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Ontario pension plan will be good for economy in long run: Conference Board

Liberal Leader Justin Trudeau and Ontario Premier Kathleen Wynne take part in a joint news conference in Ottawa, Thursday, January 29, 2015.
Liberal Leader Justin Trudeau and Ontario Premier Kathleen Wynne take part in a joint news conference in Ottawa, Thursday, January 29, 2015. THE CANADIAN PRESS/Adrian Wyld

TORONTO — The Conference Board of Canada says the proposed Ontario Retirement Pension Plan will mean long-term increases in income that offset the small negative effect on the economy over the near-to-medium term.

In a cost-benefit analysis of the Liberal government’s pension plan, the Conference Board says the increase in mandatory savings initially results in a period of reduced household spending as pension contributions lower family income.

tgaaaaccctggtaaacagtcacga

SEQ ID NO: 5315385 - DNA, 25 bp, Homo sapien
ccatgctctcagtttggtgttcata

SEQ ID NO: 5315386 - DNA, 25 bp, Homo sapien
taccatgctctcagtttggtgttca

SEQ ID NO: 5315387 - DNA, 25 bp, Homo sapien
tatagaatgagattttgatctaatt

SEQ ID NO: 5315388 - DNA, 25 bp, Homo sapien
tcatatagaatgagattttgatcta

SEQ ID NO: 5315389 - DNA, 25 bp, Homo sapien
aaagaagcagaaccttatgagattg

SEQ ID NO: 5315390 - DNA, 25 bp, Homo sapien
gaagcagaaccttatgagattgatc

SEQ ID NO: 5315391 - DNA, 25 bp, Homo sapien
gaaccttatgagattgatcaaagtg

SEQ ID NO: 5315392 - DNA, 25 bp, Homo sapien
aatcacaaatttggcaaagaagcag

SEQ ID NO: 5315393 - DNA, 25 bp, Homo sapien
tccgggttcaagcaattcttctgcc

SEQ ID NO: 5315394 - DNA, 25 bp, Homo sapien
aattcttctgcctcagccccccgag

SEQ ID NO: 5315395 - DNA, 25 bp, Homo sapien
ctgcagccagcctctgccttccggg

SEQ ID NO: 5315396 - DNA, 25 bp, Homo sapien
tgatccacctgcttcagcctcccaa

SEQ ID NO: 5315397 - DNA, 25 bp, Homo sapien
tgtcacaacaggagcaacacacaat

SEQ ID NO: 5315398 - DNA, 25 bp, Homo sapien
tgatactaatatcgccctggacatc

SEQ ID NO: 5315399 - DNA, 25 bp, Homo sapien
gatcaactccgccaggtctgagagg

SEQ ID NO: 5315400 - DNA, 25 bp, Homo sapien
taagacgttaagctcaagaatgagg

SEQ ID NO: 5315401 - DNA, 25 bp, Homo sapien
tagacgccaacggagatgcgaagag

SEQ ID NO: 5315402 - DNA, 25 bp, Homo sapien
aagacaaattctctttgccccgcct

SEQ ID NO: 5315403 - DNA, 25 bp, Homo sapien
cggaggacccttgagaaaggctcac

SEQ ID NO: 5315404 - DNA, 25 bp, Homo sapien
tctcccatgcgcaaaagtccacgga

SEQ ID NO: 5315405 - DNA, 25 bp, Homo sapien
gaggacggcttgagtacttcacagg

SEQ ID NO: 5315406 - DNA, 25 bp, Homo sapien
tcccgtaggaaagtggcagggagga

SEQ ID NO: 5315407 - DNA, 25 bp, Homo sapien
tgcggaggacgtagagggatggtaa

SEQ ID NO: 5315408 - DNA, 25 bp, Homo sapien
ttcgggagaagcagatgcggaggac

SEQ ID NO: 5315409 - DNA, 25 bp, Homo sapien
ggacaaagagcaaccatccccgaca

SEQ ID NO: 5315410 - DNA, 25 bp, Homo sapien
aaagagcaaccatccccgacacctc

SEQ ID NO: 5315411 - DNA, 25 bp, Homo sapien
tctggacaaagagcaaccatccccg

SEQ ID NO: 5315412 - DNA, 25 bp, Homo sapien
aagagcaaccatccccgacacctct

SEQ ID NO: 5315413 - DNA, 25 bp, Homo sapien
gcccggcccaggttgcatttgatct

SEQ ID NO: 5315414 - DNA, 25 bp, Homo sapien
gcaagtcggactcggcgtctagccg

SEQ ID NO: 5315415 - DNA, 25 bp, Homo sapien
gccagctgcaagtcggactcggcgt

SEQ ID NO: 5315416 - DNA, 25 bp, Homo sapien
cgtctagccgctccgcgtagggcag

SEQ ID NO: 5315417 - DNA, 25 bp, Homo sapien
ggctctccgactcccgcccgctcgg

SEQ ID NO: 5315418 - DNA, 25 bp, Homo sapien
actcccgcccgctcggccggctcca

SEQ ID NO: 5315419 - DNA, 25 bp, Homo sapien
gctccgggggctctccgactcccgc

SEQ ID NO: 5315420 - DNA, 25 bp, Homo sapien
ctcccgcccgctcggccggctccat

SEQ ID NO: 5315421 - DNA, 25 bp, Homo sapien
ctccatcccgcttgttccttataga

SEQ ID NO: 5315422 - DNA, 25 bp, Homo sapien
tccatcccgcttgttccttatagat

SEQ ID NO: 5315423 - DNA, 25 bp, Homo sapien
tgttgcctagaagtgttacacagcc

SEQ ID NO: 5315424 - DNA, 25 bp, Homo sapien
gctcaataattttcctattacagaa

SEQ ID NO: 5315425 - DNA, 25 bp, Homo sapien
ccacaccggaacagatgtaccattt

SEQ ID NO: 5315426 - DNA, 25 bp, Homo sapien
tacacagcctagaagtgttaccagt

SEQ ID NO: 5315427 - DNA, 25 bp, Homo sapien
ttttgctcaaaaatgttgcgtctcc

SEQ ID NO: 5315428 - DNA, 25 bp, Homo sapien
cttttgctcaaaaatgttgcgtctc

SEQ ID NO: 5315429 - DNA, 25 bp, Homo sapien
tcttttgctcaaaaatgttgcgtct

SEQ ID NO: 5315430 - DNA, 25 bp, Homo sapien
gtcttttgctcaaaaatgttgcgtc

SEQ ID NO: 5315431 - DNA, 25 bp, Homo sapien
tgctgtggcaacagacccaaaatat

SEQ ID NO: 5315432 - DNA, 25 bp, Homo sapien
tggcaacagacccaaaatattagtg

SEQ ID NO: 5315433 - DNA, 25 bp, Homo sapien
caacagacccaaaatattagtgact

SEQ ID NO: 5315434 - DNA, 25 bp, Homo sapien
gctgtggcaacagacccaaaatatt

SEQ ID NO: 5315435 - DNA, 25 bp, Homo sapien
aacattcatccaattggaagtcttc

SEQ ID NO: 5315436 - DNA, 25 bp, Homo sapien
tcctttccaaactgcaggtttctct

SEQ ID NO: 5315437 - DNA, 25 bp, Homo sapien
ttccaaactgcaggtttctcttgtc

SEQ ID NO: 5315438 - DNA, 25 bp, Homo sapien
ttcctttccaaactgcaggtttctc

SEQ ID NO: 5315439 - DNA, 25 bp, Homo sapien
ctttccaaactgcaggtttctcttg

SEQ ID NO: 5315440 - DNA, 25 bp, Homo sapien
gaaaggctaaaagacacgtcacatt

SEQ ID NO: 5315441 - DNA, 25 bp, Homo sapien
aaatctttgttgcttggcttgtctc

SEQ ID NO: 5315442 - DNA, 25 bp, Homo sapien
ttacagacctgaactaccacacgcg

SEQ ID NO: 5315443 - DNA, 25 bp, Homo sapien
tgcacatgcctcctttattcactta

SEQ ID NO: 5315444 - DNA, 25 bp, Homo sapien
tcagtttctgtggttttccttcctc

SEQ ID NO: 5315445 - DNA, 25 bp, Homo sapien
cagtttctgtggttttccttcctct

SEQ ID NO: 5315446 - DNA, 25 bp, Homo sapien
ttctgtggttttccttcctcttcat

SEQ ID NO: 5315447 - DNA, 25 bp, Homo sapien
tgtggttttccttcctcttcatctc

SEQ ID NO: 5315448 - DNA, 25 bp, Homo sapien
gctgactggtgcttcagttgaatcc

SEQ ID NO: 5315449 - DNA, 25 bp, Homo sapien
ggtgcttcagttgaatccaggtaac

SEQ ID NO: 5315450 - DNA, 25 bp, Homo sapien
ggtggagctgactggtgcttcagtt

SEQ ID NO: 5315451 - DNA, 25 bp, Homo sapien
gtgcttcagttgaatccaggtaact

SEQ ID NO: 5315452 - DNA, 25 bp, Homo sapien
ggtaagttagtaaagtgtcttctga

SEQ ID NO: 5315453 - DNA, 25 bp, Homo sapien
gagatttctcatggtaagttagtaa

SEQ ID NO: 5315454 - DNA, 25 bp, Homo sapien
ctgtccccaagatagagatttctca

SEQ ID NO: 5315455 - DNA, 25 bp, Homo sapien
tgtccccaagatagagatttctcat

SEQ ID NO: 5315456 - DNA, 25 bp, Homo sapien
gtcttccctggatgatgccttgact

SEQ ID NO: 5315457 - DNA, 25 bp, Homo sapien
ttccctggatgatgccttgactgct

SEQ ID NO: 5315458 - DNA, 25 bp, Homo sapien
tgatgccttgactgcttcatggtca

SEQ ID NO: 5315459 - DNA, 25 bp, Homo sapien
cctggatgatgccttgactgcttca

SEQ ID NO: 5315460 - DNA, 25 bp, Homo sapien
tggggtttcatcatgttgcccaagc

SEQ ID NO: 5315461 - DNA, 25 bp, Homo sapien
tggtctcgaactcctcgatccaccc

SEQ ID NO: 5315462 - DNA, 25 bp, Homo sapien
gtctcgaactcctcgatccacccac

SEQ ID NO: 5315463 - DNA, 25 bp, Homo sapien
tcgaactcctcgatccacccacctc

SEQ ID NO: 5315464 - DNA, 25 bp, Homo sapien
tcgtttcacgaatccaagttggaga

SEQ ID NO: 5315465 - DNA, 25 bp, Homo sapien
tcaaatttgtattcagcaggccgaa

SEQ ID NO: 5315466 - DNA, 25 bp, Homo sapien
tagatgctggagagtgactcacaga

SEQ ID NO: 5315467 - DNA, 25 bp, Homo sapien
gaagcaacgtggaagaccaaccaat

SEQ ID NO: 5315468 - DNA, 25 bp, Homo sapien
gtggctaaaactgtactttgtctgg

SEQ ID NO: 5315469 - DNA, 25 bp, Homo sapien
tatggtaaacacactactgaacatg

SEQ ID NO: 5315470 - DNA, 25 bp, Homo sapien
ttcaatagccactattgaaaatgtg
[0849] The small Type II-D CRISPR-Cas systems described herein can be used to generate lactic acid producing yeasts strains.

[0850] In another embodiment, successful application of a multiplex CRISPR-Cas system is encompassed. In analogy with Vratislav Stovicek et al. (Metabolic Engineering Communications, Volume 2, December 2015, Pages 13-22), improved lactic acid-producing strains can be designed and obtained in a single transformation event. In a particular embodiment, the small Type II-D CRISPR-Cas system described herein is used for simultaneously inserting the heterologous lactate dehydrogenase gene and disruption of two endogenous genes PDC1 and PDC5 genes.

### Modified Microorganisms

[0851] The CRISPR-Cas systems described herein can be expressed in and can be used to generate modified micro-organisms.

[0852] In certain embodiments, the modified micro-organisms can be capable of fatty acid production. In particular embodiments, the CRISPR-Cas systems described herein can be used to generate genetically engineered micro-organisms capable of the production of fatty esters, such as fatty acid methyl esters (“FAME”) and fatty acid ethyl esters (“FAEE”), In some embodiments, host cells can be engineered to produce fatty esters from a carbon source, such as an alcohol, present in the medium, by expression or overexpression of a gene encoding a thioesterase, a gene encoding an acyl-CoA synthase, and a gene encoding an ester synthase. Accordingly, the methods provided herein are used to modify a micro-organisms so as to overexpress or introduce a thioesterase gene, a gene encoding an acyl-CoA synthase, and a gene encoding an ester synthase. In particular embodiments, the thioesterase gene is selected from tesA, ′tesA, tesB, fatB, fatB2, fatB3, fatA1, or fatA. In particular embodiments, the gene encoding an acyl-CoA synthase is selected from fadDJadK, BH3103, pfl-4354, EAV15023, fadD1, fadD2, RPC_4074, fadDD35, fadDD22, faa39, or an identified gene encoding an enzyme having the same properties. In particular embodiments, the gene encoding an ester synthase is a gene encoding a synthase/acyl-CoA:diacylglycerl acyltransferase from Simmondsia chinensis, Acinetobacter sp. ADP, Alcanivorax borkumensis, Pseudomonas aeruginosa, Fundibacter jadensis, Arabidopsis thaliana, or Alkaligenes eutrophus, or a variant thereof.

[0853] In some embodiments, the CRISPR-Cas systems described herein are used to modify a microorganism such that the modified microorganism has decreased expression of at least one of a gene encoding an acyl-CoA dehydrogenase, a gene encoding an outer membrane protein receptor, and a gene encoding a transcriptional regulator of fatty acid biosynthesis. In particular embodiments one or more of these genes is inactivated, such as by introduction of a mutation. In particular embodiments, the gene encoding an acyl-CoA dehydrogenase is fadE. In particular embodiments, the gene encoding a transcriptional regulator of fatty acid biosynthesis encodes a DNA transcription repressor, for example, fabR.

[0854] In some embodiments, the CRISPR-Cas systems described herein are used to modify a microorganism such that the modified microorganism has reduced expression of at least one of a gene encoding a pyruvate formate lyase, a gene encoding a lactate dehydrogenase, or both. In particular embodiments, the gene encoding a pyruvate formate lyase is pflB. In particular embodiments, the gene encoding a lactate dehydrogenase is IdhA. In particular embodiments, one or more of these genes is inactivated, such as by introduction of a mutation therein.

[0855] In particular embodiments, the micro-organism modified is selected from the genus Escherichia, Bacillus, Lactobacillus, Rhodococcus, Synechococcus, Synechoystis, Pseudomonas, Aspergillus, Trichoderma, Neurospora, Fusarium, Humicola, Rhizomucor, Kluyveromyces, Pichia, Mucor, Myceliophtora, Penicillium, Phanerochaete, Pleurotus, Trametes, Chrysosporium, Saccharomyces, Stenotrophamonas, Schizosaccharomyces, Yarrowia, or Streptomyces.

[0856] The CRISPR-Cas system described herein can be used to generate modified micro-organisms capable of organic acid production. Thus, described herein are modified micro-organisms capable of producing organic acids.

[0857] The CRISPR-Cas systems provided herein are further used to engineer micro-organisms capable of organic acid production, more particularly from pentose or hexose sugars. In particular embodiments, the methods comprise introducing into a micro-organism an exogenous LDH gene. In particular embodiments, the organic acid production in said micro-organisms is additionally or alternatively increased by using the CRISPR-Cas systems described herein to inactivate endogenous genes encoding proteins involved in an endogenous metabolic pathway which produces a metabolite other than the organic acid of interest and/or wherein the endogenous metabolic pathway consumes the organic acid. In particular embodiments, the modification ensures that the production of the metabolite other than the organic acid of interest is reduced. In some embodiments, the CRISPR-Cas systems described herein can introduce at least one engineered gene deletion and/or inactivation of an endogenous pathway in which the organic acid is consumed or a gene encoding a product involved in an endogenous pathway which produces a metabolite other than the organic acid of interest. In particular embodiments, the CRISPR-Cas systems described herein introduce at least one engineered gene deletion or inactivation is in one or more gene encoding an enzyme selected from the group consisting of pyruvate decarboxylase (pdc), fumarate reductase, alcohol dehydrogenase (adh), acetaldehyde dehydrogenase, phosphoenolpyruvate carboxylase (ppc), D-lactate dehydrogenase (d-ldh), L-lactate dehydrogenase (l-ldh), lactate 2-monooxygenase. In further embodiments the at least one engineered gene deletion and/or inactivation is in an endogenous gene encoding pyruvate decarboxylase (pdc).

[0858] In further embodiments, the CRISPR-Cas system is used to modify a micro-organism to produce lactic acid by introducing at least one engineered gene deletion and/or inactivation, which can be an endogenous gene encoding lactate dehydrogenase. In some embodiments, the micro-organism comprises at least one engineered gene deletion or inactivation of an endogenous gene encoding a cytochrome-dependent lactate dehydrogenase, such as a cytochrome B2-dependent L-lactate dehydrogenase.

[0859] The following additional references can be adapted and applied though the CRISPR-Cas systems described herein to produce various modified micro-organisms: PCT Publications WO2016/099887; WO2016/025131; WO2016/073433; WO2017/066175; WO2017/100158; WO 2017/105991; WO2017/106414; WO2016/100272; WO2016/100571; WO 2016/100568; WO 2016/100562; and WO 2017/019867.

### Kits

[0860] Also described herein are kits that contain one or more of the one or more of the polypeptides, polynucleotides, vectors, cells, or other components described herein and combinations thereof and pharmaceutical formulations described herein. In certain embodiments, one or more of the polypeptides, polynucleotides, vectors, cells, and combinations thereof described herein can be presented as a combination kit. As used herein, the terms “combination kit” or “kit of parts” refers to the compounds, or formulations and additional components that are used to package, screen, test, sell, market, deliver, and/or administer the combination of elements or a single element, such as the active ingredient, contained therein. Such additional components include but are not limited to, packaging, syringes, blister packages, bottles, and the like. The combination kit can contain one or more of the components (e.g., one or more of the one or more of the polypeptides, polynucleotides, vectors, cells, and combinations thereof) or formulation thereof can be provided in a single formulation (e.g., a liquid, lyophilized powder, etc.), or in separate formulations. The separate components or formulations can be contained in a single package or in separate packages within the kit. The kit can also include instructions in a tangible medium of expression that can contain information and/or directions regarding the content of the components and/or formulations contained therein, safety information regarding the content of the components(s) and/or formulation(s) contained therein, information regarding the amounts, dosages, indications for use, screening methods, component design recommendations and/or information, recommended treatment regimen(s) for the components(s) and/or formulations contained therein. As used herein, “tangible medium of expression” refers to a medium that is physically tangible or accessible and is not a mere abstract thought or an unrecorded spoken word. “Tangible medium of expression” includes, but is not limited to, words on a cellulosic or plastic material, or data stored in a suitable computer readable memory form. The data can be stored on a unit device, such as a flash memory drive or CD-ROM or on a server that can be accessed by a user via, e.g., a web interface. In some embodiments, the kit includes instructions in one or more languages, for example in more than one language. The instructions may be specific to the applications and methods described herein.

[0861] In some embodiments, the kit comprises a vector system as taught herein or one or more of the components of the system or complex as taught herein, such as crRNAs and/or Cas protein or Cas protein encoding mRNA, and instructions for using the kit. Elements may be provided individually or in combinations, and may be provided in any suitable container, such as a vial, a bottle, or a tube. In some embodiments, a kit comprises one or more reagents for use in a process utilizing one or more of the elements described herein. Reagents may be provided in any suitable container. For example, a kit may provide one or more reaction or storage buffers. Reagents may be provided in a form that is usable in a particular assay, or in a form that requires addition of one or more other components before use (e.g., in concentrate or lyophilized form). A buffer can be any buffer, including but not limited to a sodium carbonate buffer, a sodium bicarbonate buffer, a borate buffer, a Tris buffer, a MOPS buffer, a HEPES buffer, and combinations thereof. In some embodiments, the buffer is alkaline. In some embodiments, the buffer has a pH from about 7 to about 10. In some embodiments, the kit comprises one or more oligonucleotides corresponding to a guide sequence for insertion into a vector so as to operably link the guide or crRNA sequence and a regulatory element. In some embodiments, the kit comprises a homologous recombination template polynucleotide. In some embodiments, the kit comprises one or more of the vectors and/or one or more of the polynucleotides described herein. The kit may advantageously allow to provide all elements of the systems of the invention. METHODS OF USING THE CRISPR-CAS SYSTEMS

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The negative effect on Ontario’s GDP in the near term is partially offset by the fact that individuals are expected to reduce their RRSP contributions when they start paying into Ontario’s pension plan.

The Conference Board — an independent, not-for-profit applied research organization — says the impact on overall real GDP is also offset by a fall in imports as less household spending is used to buy foreign goods and services.

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Expected decreases in Employment Insurance and Workplace Safety and Insurance Board payroll premiums “further mitigate the short-term economic impact” of the Ontario Retirement Pension Plan.

Mitzie Hunter, the province’s associate finance minister, says the report clearly shows Ontarians and the province’s economy will be better off under the Ontario pension plan, which goes into effect Jan. 1, 2017.